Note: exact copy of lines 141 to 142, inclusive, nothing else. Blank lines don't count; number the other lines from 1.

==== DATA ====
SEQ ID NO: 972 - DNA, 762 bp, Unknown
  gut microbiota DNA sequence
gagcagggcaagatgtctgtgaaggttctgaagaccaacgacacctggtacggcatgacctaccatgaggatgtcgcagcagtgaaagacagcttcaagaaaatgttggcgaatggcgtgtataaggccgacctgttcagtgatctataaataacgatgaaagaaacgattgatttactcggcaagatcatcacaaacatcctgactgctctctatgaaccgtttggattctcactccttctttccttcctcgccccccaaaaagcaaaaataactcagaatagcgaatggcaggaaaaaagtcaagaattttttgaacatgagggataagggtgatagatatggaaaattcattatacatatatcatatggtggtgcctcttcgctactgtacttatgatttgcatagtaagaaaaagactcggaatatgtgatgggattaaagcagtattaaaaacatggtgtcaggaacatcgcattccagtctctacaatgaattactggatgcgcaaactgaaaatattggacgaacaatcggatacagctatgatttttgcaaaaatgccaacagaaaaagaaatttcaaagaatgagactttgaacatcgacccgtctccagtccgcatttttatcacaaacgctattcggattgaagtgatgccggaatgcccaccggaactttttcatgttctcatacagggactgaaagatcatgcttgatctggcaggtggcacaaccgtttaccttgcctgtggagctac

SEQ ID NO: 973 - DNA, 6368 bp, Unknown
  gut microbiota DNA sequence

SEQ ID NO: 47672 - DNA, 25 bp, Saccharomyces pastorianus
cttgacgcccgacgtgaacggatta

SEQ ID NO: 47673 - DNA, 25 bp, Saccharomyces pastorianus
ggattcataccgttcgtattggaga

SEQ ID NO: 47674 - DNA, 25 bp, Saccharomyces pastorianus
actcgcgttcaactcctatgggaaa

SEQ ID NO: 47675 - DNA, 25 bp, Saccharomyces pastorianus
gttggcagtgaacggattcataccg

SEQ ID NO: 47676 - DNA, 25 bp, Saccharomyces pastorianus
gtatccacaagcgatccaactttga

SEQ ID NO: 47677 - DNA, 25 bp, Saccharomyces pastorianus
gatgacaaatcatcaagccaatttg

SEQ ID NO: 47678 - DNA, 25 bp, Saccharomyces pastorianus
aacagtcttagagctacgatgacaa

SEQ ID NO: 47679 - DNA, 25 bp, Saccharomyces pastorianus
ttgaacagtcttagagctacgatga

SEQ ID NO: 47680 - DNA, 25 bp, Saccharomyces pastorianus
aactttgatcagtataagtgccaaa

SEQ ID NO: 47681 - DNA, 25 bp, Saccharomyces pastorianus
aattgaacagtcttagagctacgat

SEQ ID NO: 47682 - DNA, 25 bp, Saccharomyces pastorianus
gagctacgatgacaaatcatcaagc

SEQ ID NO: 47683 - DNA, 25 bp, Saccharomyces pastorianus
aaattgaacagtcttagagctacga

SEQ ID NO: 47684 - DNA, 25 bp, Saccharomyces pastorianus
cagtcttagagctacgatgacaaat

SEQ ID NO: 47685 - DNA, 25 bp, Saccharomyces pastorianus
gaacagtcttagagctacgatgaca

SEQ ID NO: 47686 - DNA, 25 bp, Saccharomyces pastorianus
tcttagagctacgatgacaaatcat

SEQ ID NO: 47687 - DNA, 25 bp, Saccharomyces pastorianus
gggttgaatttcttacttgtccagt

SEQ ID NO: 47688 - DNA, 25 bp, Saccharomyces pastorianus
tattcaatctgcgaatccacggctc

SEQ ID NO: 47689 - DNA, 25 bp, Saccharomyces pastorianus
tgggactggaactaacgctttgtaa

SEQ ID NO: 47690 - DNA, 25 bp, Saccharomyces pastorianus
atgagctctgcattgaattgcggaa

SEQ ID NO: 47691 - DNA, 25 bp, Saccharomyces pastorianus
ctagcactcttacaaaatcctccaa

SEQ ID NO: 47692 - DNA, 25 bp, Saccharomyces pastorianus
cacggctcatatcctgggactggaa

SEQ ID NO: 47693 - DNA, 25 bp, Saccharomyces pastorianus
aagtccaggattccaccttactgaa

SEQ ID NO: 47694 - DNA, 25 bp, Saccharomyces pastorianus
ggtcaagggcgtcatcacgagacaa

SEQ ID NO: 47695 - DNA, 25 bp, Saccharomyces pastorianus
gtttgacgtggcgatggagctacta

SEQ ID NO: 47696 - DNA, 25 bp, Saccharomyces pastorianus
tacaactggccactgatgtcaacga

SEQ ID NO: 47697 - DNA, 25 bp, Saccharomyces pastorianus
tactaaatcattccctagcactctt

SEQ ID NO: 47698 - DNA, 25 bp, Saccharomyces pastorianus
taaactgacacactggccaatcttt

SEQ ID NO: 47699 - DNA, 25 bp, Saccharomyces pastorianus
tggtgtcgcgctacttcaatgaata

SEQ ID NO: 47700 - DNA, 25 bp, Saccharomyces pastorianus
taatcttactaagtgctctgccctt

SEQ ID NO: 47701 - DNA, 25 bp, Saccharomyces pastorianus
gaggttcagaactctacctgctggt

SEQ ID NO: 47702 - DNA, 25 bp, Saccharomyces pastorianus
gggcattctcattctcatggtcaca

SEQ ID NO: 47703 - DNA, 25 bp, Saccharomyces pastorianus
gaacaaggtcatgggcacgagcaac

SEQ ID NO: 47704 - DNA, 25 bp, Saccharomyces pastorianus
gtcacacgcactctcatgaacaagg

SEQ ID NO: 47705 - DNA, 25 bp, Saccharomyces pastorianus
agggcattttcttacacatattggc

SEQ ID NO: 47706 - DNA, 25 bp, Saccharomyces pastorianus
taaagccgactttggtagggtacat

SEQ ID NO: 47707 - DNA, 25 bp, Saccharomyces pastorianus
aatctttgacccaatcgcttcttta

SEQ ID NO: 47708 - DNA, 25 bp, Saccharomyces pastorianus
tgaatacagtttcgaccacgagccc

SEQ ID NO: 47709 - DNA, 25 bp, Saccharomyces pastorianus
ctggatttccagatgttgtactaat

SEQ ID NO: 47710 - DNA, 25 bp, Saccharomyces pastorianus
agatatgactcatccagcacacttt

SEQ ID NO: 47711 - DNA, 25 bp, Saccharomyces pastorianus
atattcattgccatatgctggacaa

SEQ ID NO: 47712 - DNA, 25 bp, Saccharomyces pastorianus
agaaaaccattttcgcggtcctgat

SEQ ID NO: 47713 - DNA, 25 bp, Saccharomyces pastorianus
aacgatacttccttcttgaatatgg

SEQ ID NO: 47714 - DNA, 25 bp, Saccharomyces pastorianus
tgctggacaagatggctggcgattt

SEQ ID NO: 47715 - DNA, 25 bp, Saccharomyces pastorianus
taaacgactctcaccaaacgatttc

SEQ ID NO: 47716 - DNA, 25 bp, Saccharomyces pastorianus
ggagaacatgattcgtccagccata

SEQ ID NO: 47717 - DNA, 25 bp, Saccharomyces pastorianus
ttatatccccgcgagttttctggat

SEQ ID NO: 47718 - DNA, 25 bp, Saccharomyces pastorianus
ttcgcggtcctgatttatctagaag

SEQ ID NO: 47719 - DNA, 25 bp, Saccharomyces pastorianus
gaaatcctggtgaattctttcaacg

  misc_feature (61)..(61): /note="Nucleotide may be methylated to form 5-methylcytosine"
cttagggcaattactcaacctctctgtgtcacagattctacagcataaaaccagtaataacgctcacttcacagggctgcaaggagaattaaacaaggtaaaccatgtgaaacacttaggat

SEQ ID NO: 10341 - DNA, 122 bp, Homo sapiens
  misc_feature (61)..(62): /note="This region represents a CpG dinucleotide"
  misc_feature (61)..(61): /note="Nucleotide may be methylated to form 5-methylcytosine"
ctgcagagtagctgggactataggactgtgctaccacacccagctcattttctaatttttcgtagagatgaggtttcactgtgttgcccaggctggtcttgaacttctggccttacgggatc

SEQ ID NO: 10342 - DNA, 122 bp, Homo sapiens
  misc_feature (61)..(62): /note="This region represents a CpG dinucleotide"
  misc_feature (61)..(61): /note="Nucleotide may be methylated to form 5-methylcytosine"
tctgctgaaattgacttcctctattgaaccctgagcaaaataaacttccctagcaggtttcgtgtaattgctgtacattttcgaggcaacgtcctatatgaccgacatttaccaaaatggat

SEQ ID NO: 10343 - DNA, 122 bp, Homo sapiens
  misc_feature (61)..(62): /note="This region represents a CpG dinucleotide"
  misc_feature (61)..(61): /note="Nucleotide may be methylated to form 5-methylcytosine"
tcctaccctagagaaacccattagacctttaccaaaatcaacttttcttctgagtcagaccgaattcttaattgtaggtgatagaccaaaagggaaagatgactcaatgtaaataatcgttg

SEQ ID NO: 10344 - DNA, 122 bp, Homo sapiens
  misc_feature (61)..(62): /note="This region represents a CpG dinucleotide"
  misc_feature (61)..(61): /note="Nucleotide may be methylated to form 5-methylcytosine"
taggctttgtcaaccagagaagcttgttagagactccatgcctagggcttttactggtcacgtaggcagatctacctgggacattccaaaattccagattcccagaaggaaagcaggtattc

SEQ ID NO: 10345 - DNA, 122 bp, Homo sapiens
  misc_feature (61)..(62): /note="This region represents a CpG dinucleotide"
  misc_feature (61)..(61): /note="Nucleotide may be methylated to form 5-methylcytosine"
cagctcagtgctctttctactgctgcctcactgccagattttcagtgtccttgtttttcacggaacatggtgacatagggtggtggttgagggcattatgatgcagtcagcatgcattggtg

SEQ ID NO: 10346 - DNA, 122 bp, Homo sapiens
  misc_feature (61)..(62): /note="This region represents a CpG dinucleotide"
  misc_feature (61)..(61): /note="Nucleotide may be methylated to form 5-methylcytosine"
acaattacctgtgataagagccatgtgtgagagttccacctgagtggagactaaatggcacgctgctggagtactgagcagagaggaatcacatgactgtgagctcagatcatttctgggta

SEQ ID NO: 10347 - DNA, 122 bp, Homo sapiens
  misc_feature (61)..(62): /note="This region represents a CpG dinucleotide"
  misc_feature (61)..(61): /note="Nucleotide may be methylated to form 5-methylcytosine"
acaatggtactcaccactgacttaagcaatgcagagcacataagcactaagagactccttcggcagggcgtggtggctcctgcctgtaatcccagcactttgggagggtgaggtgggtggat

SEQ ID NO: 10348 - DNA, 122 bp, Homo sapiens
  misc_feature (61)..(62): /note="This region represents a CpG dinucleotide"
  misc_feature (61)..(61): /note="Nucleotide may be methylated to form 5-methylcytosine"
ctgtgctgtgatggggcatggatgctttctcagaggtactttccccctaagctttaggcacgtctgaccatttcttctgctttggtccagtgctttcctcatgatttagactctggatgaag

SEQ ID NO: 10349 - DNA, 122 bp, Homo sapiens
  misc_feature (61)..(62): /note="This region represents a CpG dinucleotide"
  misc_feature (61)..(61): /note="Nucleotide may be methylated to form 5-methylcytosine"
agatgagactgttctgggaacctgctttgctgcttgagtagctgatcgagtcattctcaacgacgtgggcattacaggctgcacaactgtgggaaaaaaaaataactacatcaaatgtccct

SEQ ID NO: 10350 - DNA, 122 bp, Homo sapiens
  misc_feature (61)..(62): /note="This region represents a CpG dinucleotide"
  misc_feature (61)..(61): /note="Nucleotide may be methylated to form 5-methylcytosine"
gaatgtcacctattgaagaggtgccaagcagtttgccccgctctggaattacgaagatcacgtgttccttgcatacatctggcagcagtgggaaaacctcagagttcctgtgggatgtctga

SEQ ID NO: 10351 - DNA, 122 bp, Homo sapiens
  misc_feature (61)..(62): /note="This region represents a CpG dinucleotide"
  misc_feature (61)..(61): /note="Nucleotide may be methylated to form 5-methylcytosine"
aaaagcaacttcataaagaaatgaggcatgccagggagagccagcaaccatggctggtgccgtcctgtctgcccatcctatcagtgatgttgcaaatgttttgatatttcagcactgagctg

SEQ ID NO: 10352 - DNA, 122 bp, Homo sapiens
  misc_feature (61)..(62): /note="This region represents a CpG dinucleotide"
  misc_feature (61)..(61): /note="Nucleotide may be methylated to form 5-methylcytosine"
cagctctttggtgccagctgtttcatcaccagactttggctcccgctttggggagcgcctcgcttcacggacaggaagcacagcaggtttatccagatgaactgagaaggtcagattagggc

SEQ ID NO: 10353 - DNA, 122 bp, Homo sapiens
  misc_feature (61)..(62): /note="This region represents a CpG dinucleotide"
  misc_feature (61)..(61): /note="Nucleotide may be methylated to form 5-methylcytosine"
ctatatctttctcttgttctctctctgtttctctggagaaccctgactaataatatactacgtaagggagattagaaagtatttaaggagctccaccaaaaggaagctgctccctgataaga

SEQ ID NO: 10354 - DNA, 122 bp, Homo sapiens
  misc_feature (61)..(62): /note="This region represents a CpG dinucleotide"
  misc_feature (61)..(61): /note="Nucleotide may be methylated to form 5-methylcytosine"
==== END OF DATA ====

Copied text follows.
  misc_feature (61)..(62): /note="This region represents a CpG dinucleotide"
  misc_feature (61)..(61): /note="Nucleotide may be methylated to form 5-methylcytosine"